Software escrow is important but what are the pitfalls? In many IT contracts negotiation, the question of rights and license grants to the source code of the particular piece of software arises. From the vendor’s viewpoint, there is a reticence to hand over any source code – in essence, the “family jewels”. This is where source code escrow can work well.

When is Software Escrow a good idea?

Depending on the application in question, this is sometimes a valid concern and at other times not. In fairly generic software applications, it is probably that someone with sufficient skill, in the particular language that the application has been written in, could utilise the source code  to some benefit. In other instances, where, due the nature of the application and the complexity thereof, someone in possession of the source code would not be able to do that much productive with the code without having access to a particular type of experience, knowledge and skills set.

From the licensee’s perspective, they very often do not want to spend time and money investing in an application that, should something happen to the vendor or their relationship with the vendor, the investment into the particular application could be rendered a nullity.

Access to source code

Irrespective of issues of analysing the inherent value of access to source code, it is still a much sought after item in any negotiation. Very often, a type of compromise is reached whereby it is agreed that the source code along with any updates or modifications will be placed in escrow with a reputable escrow agent. At this point, what is often expected by the parties is that the issue of access to the source code is resolved and that the only further potential issue of contention that might arise now is who pays the cost of the escrow.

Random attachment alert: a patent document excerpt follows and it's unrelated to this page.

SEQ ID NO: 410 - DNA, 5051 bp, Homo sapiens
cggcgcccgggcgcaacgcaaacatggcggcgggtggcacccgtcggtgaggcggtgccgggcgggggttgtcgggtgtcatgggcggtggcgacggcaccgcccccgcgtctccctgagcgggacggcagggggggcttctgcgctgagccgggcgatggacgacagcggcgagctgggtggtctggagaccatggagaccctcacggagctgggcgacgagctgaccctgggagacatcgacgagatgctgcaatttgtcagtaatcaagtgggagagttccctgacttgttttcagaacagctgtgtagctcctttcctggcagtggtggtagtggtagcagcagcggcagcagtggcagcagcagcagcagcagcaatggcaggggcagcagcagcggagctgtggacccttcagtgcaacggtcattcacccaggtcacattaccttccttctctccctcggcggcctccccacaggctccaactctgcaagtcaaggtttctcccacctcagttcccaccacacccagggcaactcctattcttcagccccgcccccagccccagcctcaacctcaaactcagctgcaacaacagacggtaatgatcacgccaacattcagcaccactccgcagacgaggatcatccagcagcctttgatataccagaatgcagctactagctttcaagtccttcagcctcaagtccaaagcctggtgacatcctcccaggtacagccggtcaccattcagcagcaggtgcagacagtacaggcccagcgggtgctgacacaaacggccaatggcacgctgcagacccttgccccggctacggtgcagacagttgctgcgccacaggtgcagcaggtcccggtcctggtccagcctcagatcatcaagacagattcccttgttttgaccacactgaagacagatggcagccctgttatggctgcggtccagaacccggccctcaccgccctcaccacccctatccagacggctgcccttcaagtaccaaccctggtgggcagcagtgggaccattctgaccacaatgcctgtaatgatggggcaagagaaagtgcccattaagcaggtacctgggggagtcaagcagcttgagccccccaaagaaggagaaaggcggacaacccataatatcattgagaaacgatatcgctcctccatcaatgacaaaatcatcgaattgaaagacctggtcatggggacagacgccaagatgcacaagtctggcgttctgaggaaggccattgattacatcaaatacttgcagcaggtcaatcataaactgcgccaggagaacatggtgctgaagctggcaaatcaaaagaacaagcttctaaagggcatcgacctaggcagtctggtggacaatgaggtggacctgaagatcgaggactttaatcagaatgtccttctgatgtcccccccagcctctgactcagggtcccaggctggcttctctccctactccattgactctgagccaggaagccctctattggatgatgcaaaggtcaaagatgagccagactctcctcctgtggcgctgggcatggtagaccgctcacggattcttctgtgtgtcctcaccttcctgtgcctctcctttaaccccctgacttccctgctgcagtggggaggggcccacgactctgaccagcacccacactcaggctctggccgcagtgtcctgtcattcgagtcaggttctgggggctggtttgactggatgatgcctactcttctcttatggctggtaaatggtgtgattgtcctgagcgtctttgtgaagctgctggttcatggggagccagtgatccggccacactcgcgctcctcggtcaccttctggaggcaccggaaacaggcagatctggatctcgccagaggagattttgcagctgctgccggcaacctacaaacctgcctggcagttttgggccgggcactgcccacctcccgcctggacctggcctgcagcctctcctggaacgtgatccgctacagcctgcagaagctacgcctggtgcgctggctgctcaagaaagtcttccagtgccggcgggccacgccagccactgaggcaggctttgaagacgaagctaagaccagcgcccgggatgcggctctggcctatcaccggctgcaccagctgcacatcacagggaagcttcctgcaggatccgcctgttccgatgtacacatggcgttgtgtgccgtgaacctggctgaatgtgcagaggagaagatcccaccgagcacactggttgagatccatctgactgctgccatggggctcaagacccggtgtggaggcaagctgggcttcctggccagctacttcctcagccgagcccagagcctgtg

The Release Events must be clearly agreed

You must carefully consider and agree the trigger events for release of the code placed in escrow in your escrow agreement with the escrow agent. Otherwise, as a licensee wishing to gain access to the code in escrow, you might find yourself in the frustrating position of merely fighting with the escrow agent for access to the source code as opposed to the vendor…the role of gatekeeper being passed along with no key really being granted.

The escrow agent may be liable to the vendor in the event of granting premature or erroneous access to the code held in escrow and is therefore sometimes reluctant (in the case of any ambiguity as to whether or not a trigger event for release has occurred) to release any code.

A good escrow agreement for software escrow is important

The moral of the story? The decision to place code in escrow is just the start of the source code negotiations, not the end. The devil really is in the detail in this case and clear rules for release of the code held in escrow need to be specifically thought about in relation to the specific needs of the licensee and drafted explicitly so that there is no room for doubt in the minds of any of the parties to the escrow agreement as to whether or not the code may be released.